Transnamib Sells Faulty Locomotives

TRANSNAMIB has finally decided to sell four locomotives bought in China for N$42 million in 2004 because they are unsafe to use.

The four CKD diesel electrical locomotives and 10 mainline railway passenger coaches were put on tender, with invitations sent to farmers, lodge owners, scrap steel dealers and other interested parties to submit offers.

The locomotives and the coaches were inaugurated in 2004 by the former TransNamib chief executive officer John Shaetonhodi, who described the acquisition as “an essential enabler of business growth and economic development”.

According to TransNamib’s senior engineer Joe van Zyl, however, they are selling the locomotives and the passenger coaches because they are unsafe.

“The CKD8C…the first batch of four locomotives bought from China are unsafe to operate due to poor braking and poor filtration systems. There are also interface problems between engine and alternator, and unsafe multiple locomotive working. The locomotives’ electrical systems are poorly designed, posing challenges to operate safely,” Van Zyl said.

He added that the coaches were redundant because of that excess capacity. The selling of the multi-million dollar locomotives and coaches came after 10 years, and van Zyl further said normally TransNamib’s locomotives and coaches should be in service for 47 years.

“The average age of our locomotives is 47 years and the coaches can be safely used for up to 60 years if well maintained,” the senior engineer said.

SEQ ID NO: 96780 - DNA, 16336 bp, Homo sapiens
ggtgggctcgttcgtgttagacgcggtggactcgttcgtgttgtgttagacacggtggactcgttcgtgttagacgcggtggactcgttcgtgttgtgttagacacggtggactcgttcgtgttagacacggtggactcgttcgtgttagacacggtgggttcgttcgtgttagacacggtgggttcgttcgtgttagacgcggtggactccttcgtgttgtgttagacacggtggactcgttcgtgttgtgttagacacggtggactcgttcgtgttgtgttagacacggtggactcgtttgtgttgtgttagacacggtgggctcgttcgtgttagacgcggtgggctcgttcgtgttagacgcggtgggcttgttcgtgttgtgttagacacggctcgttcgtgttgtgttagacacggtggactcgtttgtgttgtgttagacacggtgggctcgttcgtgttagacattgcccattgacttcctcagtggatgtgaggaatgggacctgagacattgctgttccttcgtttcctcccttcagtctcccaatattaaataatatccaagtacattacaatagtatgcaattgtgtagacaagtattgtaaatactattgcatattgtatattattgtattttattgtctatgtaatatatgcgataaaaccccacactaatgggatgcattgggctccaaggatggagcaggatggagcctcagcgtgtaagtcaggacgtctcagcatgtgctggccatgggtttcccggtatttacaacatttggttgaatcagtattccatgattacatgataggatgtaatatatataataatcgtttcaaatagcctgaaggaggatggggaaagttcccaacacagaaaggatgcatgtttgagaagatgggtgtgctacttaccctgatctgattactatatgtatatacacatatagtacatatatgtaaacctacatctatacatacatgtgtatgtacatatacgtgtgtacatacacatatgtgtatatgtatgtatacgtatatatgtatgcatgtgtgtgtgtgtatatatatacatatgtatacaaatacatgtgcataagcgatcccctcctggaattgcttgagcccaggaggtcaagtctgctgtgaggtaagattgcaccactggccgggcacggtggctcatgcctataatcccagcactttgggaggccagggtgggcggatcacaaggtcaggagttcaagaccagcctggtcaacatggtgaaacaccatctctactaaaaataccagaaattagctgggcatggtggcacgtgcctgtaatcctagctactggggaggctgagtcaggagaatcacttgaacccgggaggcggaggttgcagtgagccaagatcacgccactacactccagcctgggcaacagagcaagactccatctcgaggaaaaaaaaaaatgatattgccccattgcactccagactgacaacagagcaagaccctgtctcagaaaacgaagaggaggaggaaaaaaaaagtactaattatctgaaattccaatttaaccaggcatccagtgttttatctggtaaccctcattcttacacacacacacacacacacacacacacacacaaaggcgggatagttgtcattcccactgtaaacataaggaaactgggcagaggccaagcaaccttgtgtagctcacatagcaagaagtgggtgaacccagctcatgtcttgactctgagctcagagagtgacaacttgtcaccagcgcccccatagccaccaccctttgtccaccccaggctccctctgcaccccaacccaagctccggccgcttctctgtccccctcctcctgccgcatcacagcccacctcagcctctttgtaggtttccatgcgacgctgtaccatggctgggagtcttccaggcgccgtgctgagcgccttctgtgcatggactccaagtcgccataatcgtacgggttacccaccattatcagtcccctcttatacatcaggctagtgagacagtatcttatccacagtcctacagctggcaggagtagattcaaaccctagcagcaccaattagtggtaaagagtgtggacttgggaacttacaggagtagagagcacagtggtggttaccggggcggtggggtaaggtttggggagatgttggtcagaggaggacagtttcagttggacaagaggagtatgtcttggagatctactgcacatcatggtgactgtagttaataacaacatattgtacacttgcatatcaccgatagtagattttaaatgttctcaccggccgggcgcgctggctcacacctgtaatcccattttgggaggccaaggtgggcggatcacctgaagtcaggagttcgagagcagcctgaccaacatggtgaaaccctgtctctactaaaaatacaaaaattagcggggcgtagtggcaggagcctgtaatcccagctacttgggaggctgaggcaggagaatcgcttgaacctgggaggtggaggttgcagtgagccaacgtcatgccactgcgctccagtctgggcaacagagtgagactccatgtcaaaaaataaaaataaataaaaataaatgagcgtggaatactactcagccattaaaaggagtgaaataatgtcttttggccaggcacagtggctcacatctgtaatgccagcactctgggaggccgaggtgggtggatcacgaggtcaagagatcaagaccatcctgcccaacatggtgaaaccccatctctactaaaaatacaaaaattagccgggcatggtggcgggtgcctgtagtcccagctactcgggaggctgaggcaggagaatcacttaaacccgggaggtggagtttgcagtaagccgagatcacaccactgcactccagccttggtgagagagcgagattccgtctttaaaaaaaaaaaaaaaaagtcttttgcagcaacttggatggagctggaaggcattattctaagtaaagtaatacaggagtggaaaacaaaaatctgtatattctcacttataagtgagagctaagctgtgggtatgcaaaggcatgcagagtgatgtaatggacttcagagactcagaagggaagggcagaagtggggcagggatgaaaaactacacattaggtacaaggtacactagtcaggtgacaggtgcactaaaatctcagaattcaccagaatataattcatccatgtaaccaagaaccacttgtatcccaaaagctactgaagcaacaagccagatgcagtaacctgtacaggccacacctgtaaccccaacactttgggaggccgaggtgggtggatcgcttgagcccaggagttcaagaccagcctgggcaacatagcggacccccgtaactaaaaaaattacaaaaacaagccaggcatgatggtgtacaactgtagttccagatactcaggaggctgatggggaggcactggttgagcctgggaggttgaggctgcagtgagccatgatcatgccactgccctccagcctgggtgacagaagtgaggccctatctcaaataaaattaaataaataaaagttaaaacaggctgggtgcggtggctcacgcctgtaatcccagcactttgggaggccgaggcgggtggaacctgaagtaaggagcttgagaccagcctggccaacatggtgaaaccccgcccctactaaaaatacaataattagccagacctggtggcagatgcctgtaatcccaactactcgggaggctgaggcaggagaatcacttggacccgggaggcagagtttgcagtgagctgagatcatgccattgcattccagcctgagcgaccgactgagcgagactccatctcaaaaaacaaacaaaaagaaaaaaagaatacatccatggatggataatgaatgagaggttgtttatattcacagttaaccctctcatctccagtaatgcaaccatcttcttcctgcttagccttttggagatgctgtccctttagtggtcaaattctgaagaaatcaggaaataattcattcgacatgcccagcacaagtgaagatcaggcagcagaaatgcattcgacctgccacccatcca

The four locomotives were purchased from Ziyang Locomotive Works, China North Railways, by Shaetonhodi as CEO and Matty Hauuanga as general manager of engineering.

There was controversy over their quality when the locomotives were purchased but the company had, at the time, maintained that it was a good deal.

Some TransNamib sources at that time also claimed that there were kickbacks paid in the deal and that some of the locomotives were loaded with gifts when they arrived at the Walvis Bay harbour.

However, none of those allegations could be proved. When TransNamib ordered the four locomotives, the company also rebuilt two others from a heap of scrap that had been written off by insurers.

Due to a shortage of appropriately skilled manpower in refurbishing locomotives, TransNamib hired 11 technical personnel from the Chinese government at that time. The refurbishment of a locomotive costs approximately N$1,3 million compared to the cost of a new general electric locomotive which was around N$21 million.

Back then Shaetonhodi also said there was need to modernise the current passenger transport capacity, adding that the modernisation programme would require approximately N$250 million in three years.

Source : The Namibian

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